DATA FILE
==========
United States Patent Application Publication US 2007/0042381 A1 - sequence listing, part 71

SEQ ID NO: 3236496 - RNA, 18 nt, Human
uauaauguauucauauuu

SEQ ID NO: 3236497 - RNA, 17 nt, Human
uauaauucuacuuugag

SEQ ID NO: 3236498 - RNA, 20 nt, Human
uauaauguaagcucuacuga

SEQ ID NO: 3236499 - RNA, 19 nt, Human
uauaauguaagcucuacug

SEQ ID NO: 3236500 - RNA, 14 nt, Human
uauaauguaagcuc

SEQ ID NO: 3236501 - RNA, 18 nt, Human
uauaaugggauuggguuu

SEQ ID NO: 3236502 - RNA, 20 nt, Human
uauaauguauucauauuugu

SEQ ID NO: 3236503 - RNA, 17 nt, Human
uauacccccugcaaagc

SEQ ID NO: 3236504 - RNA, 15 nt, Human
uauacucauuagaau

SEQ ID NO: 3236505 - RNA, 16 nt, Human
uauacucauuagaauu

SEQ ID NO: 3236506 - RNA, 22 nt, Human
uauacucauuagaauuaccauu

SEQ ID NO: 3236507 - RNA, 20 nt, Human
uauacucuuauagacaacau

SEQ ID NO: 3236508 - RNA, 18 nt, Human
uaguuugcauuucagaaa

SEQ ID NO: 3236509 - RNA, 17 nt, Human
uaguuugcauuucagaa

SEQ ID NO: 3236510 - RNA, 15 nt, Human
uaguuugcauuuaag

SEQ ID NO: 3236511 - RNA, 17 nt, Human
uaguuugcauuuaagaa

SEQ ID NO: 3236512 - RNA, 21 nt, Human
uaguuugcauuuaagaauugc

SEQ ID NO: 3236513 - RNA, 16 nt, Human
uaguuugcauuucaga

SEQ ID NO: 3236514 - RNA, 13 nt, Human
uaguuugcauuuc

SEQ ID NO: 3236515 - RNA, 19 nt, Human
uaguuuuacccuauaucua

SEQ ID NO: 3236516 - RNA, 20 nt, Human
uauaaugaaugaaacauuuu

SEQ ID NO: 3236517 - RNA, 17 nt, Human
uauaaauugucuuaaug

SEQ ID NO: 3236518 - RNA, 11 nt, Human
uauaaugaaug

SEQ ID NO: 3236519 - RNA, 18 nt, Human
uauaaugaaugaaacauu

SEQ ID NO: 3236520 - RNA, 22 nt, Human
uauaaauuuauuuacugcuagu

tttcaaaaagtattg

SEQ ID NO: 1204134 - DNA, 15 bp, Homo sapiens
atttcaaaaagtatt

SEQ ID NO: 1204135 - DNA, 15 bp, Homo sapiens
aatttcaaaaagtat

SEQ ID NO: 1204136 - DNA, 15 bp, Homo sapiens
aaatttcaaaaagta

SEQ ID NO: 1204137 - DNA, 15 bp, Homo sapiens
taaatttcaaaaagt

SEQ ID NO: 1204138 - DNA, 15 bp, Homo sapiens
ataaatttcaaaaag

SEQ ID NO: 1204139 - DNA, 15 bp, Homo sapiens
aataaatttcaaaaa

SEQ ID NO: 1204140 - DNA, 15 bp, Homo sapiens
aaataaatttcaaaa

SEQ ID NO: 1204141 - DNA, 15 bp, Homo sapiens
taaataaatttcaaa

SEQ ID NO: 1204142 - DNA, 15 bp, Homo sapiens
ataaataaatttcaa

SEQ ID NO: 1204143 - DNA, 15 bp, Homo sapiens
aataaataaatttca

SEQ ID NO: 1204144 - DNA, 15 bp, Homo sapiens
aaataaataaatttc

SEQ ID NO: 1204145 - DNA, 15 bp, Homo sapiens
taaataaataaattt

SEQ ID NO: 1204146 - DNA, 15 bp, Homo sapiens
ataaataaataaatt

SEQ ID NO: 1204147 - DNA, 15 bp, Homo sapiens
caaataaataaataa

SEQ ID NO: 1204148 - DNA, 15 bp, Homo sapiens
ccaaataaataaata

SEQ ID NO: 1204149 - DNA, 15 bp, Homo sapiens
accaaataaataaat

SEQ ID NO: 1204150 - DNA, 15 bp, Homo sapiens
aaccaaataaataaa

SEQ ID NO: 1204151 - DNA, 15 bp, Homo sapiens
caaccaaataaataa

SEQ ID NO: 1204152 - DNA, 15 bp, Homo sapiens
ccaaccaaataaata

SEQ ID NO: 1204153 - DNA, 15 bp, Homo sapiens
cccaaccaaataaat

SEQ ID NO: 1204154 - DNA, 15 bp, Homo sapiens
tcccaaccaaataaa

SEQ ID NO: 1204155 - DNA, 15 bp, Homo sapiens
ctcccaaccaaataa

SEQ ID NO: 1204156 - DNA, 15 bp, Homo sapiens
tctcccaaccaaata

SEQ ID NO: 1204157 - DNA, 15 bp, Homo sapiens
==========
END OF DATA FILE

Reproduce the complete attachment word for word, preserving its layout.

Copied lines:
United States Patent Application Publication US 2007/0042381 A1 - sequence listing, part 71

SEQ ID NO: 3236496 - RNA, 18 nt, Human
uauaauguauucauauuu

SEQ ID NO: 3236497 - RNA, 17 nt, Human
uauaauucuacuuugag

SEQ ID NO: 3236498 - RNA, 20 nt, Human
uauaauguaagcucuacuga

SEQ ID NO: 3236499 - RNA, 19 nt, Human
uauaauguaagcucuacug

SEQ ID NO: 3236500 - RNA, 14 nt, Human
uauaauguaagcuc

SEQ ID NO: 3236501 - RNA, 18 nt, Human
uauaaugggauuggguuu

SEQ ID NO: 3236502 - RNA, 20 nt, Human
uauaauguauucauauuugu

SEQ ID NO: 3236503 - RNA, 17 nt, Human
uauacccccugcaaagc

SEQ ID NO: 3236504 - RNA, 15 nt, Human
uauacucauuagaau

SEQ ID NO: 3236505 - RNA, 16 nt, Human
uauacucauuagaauu

SEQ ID NO: 3236506 - RNA, 22 nt, Human
uauacucauuagaauuaccauu

SEQ ID NO: 3236507 - RNA, 20 nt, Human
uauacucuuauagacaacau

SEQ ID NO: 3236508 - RNA, 18 nt, Human
uaguuugcauuucagaaa

SEQ ID NO: 3236509 - RNA, 17 nt, Human
uaguuugcauuucagaa

SEQ ID NO: 3236510 - RNA, 15 nt, Human
uaguuugcauuuaag

SEQ ID NO: 3236511 - RNA, 17 nt, Human
uaguuugcauuuaagaa

SEQ ID NO: 3236512 - RNA, 21 nt, Human
uaguuugcauuuaagaauugc

SEQ ID NO: 3236513 - RNA, 16 nt, Human
uaguuugcauuucaga

SEQ ID NO: 3236514 - RNA, 13 nt, Human
uaguuugcauuuc

SEQ ID NO: 3236515 - RNA, 19 nt, Human
uaguuuuacccuauaucua

SEQ ID NO: 3236516 - RNA, 20 nt, Human
uauaaugaaugaaacauuuu

SEQ ID NO: 3236517 - RNA, 17 nt, Human
uauaaauugucuuaaug

SEQ ID NO: 3236518 - RNA, 11 nt, Human
uauaaugaaug

SEQ ID NO: 3236519 - RNA, 18 nt, Human
uauaaugaaugaaacauu

SEQ ID NO: 3236520 - RNA, 22 nt, Human
uauaaauuuauuuacugcuagu

tttcaaaaagtattg

SEQ ID NO: 1204134 - DNA, 15 bp, Homo sapiens
atttcaaaaagtatt

SEQ ID NO: 1204135 - DNA, 15 bp, Homo sapiens
aatttcaaaaagtat

SEQ ID NO: 1204136 - DNA, 15 bp, Homo sapiens
aaatttcaaaaagta

SEQ ID NO: 1204137 - DNA, 15 bp, Homo sapiens
taaatttcaaaaagt

SEQ ID NO: 1204138 - DNA, 15 bp, Homo sapiens
ataaatttcaaaaag

SEQ ID NO: 1204139 - DNA, 15 bp, Homo sapiens
aataaatttcaaaaa

SEQ ID NO: 1204140 - DNA, 15 bp, Homo sapiens
aaataaatttcaaaa

SEQ ID NO: 1204141 - DNA, 15 bp, Homo sapiens
taaataaatttcaaa

SEQ ID NO: 1204142 - DNA, 15 bp, Homo sapiens
ataaataaatttcaa

SEQ ID NO: 1204143 - DNA, 15 bp, Homo sapiens
aataaataaatttca

SEQ ID NO: 1204144 - DNA, 15 bp, Homo sapiens
aaataaataaatttc

SEQ ID NO: 1204145 - DNA, 15 bp, Homo sapiens
taaataaataaattt

SEQ ID NO: 1204146 - DNA, 15 bp, Homo sapiens
ataaataaataaatt

SEQ ID NO: 1204147 - DNA, 15 bp, Homo sapiens
caaataaataaataa

SEQ ID NO: 1204148 - DNA, 15 bp, Homo sapiens
ccaaataaataaata

SEQ ID NO: 1204149 - DNA, 15 bp, Homo sapiens
accaaataaataaat

SEQ ID NO: 1204150 - DNA, 15 bp, Homo sapiens
aaccaaataaataaa

SEQ ID NO: 1204151 - DNA, 15 bp, Homo sapiens
caaccaaataaataa

SEQ ID NO: 1204152 - DNA, 15 bp, Homo sapiens
ccaaccaaataaata

SEQ ID NO: 1204153 - DNA, 15 bp, Homo sapiens
cccaaccaaataaat

SEQ ID NO: 1204154 - DNA, 15 bp, Homo sapiens
tcccaaccaaataaa

SEQ ID NO: 1204155 - DNA, 15 bp, Homo sapiens
ctcccaaccaaataa

SEQ ID NO: 1204156 - DNA, 15 bp, Homo sapiens
tctcccaaccaaata

SEQ ID NO: 1204157 - DNA, 15 bp, Homo sapiens